A New FACE
Date: Monday February 17, 2014 / Author of post: cwmcaribbean
Do You See Christ?
“What do we see when we look into the face of an exploited woman? Do we see Christ looking back at us?”
“The pain of others should be our pain…”
“Slavery is abolished but we continue to search for freedom.”
“I believe that present order of the world is based on very complicated and immoral economic structure of the Empire.”
These are excerpts from reflections by ministers in Council for World Mission’s A New FACE (Faith and Culture Experience) programme 2014. Ten ministers from churches across the spectrum of the Council for World Mission international family spent 7 weeks in the Caribbean hosted by the United Church in Jamaica and the Cayman Islands engaging in bible study, critical reflection, warm fellowship, community placements, building lasting relationship and getting to know contexts different from their own.
The programme included introduction to Jamaica and Caribbean realities, living in homes of families within United Church congregations in Jamaica and Cayman, a time of refreshing and getting to know colleague ministers in the United Church and finally a week of reporting and presentations. The ministers were introduced to Caribbean worship, hospitality, native food and energetic dialect.
The ministers explored CWM’s theological statement: Mission in the Context of Empire focussing on three issues – Climate Change, Human Trafficking and Economic Justice – all of which are crucial points of pain for the Caribbean context. They were accompanied by Chaplains and Theological Facilitators. The latter provided guided reflections to assist the participants in making progress with their reflection papers; challenging them to see God in a new context. They asked questions that would challenge them to explore new ideas with confidence and to explore issues they may have encountered during their research and study periods. The visiting ministers were also encouraged to look for manifestations of Empire, its exploitative and controlling nature.
Reflecting on the experience of study, Malcolm Fife of the United Reformed Church asked a critical question – What can we as a Christian community do to help? Among the approaches identified is Prayer – for broken hearts, organizations working to combat human trafficking, for the healing and rescue of all victims; study of God’s Word regarding injustice; awareness building by reading reports, watching documentaries; inviting a speaker to address the church on the subject of human trafficking; mentoring young people in the community and supporting one of the anti-trafficking organizations that exist in the world.
In one setting greater ecumenical collaboration was highlighted as a critical response to the needs of the community in regard to economic justice. In another research-driven planning for mission was identified and committed to as important to mission engagement. The challenge to work against gender stereotyping was identified and embraced by a participant as a mission opportunity. Re-framing worship to a more creative and engaging experience was the chosen action item for another participant. The collegial challenge to take up the battle for more active congregational involvement came during discussions on climate change and human trafficking through bible study and community action.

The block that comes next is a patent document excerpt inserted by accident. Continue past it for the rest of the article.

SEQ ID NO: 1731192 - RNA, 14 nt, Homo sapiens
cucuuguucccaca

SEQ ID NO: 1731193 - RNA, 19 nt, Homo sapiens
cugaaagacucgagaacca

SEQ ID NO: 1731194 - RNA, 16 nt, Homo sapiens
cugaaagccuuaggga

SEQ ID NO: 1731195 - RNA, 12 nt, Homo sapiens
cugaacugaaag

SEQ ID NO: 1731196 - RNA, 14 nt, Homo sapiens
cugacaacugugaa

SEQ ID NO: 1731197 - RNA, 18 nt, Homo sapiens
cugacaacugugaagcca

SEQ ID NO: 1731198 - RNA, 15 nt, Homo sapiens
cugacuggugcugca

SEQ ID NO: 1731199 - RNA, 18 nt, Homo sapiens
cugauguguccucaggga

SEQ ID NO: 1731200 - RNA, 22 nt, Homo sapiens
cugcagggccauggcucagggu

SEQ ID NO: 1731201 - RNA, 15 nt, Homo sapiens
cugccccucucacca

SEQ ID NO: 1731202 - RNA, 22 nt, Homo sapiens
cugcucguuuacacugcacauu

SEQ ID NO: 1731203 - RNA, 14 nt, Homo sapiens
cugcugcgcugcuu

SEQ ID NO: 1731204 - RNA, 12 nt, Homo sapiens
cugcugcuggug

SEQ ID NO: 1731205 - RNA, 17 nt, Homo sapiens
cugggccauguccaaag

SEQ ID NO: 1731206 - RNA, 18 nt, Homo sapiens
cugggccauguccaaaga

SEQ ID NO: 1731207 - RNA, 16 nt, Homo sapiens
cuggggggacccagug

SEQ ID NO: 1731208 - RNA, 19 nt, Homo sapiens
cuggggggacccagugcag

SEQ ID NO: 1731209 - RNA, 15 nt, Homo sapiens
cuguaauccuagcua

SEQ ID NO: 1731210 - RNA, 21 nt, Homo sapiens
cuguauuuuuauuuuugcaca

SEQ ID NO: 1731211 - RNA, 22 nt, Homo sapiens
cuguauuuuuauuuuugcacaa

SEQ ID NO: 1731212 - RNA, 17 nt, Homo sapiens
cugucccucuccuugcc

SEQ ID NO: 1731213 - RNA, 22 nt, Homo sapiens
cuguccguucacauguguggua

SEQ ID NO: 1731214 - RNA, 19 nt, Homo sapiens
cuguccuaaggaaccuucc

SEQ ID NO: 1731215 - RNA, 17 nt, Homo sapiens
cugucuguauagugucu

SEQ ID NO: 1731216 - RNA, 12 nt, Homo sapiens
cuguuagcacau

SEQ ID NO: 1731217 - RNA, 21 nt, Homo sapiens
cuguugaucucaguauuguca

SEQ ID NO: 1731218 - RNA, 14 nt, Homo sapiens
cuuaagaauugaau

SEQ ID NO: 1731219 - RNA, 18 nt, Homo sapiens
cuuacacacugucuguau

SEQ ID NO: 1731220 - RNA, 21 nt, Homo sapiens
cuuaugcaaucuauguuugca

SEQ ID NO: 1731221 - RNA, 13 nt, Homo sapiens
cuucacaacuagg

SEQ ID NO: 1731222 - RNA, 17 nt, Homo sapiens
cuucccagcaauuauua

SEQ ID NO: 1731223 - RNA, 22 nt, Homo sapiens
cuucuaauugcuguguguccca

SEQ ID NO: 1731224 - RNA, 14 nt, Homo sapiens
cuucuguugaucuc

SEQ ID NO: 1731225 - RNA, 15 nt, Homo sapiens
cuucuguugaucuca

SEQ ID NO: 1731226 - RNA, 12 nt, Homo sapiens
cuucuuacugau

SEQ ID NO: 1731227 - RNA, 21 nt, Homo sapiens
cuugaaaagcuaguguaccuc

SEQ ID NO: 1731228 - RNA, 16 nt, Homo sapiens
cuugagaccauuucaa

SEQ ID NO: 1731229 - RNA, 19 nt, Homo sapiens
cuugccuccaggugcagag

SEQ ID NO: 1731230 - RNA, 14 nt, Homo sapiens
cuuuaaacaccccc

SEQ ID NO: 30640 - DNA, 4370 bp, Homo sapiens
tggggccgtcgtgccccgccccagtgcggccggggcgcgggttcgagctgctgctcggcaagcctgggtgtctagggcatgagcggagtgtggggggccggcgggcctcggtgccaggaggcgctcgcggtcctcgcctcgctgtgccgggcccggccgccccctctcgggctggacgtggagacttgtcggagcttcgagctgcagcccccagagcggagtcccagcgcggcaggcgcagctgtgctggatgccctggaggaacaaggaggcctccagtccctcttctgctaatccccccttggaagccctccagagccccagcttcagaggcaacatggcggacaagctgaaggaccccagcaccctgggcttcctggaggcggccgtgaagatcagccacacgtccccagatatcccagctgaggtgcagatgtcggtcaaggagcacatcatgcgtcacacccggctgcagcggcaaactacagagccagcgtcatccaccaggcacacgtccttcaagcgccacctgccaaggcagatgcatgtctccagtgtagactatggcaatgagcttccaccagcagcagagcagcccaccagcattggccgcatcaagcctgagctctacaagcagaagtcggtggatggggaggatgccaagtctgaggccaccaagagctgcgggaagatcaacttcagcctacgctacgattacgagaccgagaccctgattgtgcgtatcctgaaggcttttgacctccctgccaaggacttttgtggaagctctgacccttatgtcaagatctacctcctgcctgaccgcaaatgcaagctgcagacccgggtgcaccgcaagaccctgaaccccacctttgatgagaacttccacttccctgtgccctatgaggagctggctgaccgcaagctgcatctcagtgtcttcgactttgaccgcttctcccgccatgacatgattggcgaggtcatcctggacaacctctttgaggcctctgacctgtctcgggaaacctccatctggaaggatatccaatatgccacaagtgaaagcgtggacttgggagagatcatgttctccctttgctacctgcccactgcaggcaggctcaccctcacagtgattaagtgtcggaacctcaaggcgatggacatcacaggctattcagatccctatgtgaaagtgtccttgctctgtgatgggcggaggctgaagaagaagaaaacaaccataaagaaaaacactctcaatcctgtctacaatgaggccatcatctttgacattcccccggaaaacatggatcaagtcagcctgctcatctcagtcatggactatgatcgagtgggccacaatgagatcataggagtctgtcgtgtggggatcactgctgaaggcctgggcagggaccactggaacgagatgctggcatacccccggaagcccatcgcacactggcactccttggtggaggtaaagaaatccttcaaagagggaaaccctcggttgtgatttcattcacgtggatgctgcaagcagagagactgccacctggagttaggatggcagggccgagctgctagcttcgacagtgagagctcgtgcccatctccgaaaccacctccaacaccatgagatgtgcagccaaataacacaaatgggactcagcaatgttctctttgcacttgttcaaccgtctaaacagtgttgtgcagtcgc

The topic of Climate Change was explored in the Cayman Islands where group discussions were held and interviews conducted with persons of interest and experts in the fields of meteorology and climatology. Site visits were also arranged to places affected by climate change.
Climate change was a controversial issue for some – “was this the hand of God or of man”. Rev. Elma Sakaio from Papua New Guinea counselled that the church must have a clear understanding of this issue so that congregations could be positively guided.
Rev. Tabora Rosin of the Solomon Islands emphasized the fact that Christians were called to live out their faith by taking action in the midst of political, social and economic injustice, which caused such problems as human trafficking.
Rev. Charity Mwale of Zambia was grateful for her exposure to the issue of human trafficking through ANF. She pledged to use the information to build awareness in Zambia using the Esther story from the bible. She concluded that the church could emulate Esther; “Arise and be relevant for we are the Esther of this generation”.
Rev. Heesook Koo of South Korea stated that she has discovered that behind this beautiful and relaxed people there was a lot of suffering due to economic hardships.
In one setting of ANF 2014, there was a panel discussion on Economic Justice, which included a variety of denominations in the community. As a result the idea of a fraternal was proposed for continuing ecumenical engagement. It was also decided that further research will be undertaken by some young persons in the community to better identify the economic issues of concern facing the community so that the church can craft a credible response.
Some of the visitors pointed to the stark cultural differences, in some instances that they have seen, but indicated that they had learned to accept that this was a cross cultural experience.
Having fun at the Opening Event.
Rev. Misiperetiso Ivara greets the group in his native tongue.
Rev. Elma Sakaoi performs a native dance from Papua New Guinea.